Taxes. We all pay them, no matter where we fall on the spectrum of income or political views. The IRS levies many taxes such as sales or income taxes, the timing over which we have no control.  But the timing of other tax payments like capital gains taxes is in our power, and exercising that control can pay dividends. When we sell an asset for more than the cost, the difference is the capital gain.

Avoid capital gains

You can avoid capital gains taxes in three scenarios.

The first, applicable to most workers, is to utilize retirement accounts. Investors fund tax-deferred accounts like a 401(k) or an IRA with pre-tax dollars.  In exchange, the IRS taxes any withdrawals at higher ordinary income tax rates. Investors fund Roth 401(k) or Roth IRA accounts with after-tax dollars, so withdrawals are not taxed.  The similarity of these accounts is that they all offer tax-free growth, avoiding capital gains on sales.

The second is to give your assets away to a charitable organization. By carrying not-for-profit status, these organizations will not be liable to pay taxes on any realized gains. Utilizing a Donor Advised Fund can be a tool to achieve these ends if you support multiple organizations or prefer to spread your giving over time.

The third is to die, at which point the cost basis of your assets will be stepped up to the current market value, either at the date of death or six months later as determined by the executor, eliminating any unrealized gains for your beneficiaries. Incorporating your death into tax planning should not be an overarching plan, but aggregate circumstances might present conditions that make sense for certain assets.

Use a Separately Managed Account

Separately managed accounts (SMA) hold many benefits, including tax management. Unlike investing in a mutual fund, or exchange-traded fund, investing through an SMA provides direct ownership of your securities. By doing so, you can decide when to take capital gains based on your tax situation. Even better, you can choose to take any available capital losses as offsets. If you have an asset with an unrealized loss, but you would like to hold it for the long-term, you can sell the asset now to realize the loss and repurchase it later.  But wait at least 30 days, the minimum time required by the IRS to allow the application of the loss against gains.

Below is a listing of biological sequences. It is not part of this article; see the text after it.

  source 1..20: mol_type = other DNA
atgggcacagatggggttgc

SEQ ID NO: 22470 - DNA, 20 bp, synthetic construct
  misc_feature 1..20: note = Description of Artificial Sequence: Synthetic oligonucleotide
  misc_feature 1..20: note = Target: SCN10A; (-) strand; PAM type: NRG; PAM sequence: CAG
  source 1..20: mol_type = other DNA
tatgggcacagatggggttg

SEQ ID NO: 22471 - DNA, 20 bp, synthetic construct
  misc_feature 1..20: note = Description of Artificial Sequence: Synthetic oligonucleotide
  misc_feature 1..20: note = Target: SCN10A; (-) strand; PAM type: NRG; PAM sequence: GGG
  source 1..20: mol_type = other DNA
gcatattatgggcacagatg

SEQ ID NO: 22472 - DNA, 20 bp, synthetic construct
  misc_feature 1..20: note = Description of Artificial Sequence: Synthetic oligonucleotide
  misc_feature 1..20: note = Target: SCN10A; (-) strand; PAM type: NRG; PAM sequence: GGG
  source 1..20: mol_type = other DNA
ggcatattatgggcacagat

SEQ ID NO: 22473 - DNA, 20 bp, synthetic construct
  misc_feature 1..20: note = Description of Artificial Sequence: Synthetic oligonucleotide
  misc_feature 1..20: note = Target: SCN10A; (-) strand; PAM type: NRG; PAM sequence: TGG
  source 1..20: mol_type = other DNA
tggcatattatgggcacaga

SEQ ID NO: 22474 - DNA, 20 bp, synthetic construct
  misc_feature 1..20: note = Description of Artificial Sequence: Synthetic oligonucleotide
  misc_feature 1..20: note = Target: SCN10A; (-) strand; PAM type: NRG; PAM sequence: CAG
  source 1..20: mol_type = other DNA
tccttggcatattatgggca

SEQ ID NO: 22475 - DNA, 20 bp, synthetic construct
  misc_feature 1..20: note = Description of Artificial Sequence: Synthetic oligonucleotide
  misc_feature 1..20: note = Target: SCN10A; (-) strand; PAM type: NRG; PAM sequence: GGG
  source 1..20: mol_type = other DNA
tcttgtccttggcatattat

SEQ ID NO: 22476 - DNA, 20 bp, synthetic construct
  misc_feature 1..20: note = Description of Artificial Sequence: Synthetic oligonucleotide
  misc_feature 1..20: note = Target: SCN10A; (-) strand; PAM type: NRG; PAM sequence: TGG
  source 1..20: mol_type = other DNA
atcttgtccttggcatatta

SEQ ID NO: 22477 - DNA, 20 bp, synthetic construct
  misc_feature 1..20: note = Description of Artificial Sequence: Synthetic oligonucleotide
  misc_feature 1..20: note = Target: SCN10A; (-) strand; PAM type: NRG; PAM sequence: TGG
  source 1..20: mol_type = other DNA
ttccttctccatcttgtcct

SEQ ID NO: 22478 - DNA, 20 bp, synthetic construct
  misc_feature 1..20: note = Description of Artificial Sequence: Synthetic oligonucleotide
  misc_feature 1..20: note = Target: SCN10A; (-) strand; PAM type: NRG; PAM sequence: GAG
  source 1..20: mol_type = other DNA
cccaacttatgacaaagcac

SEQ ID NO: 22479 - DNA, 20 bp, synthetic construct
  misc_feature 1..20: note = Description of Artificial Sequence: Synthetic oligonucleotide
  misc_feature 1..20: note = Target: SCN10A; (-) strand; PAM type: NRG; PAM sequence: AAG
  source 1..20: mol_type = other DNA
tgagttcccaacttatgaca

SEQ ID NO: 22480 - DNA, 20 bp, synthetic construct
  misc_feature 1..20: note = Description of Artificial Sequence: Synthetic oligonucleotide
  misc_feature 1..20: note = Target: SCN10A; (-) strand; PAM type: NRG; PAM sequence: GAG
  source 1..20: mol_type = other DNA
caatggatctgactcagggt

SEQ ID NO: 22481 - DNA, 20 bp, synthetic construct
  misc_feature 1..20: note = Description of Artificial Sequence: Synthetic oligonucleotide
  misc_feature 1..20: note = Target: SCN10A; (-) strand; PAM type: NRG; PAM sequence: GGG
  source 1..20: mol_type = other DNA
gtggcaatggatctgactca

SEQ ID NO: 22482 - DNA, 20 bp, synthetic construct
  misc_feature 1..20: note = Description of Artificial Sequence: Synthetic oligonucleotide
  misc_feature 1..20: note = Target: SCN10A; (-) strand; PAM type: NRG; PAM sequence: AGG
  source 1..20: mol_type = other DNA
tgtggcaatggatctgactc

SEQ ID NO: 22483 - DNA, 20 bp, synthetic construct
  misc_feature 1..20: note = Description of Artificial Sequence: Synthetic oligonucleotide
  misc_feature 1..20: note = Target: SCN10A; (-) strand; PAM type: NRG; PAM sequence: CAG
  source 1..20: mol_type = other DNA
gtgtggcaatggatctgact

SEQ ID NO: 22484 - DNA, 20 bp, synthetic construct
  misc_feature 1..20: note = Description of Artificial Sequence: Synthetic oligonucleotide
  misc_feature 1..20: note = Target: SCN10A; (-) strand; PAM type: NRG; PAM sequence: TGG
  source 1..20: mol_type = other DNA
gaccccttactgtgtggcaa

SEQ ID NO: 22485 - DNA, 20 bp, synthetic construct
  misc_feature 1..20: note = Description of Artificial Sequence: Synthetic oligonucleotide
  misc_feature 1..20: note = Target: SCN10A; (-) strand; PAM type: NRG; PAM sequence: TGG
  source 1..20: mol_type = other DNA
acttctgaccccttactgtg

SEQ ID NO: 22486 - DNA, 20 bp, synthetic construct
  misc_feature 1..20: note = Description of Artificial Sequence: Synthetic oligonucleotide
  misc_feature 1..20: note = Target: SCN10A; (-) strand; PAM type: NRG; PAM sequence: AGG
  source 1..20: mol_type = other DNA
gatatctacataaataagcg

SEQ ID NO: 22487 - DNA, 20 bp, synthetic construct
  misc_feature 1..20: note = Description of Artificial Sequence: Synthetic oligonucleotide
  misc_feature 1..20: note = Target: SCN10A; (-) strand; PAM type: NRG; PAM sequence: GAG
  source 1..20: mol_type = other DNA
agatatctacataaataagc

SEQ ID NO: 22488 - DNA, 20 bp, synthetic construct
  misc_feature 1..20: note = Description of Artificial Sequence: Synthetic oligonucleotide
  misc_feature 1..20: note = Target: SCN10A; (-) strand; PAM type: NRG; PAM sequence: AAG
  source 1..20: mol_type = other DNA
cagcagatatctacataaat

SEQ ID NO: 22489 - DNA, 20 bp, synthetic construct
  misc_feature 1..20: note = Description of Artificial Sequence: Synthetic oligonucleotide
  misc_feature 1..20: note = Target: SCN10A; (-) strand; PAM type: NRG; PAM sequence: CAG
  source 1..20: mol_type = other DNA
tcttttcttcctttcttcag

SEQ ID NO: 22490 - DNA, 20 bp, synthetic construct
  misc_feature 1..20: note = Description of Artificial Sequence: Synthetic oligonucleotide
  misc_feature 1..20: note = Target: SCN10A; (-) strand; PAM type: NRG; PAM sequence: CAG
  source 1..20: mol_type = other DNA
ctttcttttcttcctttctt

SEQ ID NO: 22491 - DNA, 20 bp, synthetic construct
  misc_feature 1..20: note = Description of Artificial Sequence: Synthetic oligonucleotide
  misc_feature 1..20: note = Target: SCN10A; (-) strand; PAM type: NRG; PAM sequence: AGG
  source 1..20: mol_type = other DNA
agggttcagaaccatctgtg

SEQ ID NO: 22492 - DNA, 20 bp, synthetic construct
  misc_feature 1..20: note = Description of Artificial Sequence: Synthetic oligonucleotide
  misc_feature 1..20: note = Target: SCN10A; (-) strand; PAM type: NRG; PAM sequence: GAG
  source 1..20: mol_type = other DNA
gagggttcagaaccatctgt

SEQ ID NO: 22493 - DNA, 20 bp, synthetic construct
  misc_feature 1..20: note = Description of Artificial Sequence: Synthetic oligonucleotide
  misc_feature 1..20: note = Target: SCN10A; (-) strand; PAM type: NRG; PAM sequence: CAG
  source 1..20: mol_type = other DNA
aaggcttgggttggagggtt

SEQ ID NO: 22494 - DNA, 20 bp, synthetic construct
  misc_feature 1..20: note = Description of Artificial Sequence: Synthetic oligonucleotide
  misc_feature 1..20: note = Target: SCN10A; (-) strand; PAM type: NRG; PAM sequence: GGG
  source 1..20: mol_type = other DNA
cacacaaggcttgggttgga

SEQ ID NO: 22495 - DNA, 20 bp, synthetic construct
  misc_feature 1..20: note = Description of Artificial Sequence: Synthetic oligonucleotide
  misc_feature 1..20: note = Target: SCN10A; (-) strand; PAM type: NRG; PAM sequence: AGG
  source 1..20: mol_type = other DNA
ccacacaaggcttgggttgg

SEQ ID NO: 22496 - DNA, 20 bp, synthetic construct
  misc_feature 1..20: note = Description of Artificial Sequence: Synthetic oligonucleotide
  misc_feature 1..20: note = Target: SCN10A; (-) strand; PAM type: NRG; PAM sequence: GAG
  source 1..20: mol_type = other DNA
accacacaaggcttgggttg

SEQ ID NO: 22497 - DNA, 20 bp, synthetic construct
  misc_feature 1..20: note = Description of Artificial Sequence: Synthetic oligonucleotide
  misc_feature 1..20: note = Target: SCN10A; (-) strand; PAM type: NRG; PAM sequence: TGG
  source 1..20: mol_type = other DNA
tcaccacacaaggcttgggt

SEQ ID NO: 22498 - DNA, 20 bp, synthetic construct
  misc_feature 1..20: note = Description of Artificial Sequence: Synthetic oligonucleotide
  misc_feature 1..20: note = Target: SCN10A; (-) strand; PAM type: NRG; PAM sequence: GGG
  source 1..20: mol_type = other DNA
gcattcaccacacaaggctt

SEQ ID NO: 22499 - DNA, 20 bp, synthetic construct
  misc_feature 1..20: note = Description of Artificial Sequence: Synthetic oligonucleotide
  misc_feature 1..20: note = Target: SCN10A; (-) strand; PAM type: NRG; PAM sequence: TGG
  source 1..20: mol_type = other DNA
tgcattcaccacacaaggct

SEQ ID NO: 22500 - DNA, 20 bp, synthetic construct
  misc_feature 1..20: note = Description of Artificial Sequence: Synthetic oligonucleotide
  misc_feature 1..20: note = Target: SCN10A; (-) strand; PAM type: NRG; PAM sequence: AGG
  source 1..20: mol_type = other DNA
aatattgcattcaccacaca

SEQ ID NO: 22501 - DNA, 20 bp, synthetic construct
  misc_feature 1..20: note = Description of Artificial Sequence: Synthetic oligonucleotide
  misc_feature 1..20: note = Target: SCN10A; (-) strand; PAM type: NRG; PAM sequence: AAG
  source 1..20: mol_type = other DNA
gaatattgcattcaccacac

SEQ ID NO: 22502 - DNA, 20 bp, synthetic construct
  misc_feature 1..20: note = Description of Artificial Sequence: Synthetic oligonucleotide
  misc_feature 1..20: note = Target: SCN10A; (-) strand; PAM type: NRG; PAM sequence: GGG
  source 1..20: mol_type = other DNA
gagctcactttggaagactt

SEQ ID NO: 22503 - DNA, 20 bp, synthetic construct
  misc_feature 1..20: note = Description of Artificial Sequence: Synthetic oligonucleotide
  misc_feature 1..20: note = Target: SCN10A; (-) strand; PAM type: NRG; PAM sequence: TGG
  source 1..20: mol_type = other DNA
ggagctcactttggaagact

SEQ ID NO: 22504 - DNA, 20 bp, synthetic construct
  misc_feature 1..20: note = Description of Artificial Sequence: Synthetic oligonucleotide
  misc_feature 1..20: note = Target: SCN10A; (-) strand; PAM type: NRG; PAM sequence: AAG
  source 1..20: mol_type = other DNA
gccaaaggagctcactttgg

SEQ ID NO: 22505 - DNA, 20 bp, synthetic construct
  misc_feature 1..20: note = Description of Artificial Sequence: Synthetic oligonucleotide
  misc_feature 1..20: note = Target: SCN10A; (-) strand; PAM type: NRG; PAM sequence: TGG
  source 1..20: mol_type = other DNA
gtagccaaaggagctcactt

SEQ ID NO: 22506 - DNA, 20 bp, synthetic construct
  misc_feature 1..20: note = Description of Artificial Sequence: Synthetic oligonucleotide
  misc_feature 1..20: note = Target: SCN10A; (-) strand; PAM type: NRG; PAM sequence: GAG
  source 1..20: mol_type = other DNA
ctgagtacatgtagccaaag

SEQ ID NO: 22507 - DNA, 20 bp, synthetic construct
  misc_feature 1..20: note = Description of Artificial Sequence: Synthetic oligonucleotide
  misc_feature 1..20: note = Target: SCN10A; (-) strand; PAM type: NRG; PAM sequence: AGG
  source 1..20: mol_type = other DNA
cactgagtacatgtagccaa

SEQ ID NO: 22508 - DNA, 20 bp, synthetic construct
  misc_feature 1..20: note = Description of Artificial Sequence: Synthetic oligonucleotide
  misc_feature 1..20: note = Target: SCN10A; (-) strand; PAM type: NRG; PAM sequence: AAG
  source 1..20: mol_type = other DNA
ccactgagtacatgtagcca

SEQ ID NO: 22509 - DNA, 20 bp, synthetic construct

Develop a capital gains budget

As with a spending plan, you can create a capital gains plan. Say you have a portfolio valued at $1,000,000 with $500,000 of unrealized gains.  Then imagine you or a new investment manager want to adjust the portfolio. Taking those gains is not an all-or-nothing decision.  You could decide to realize $100,000 in capital gains over each of the next five years or $50,000 over the next ten. Determine the amount and time frame that suits your needs and objectives.


Try to avoid realizing capital gains on assets held less than 12 months. These are short-term gains taxed as ordinary income. In most cases, these tax rates will be much higher than long-term capital gain rates.

Consider history

Capital gains taxes have been around since 1913.  At first, they were set at the same rates as ordinary income but were separated starting in 1922:

Given the fiscal policy extended to help address the economic fallout from a COVID-19 driven recession and the possibility for more, taxes of all kinds are likely to go up, including those for capital gains.  At 20%, current maximum capital gains rates are among the lowest since their introduction.  It makes sense to consider taking some capital gains now and paying taxes at a lower rate.

Focus on taxes where you control the timing and amount, managing them to suit your situation.

Disclosure: This is for informational purposes only.  Please consult your tax advisor for more details on items mentioned above.  For a complete list of disclosures, please click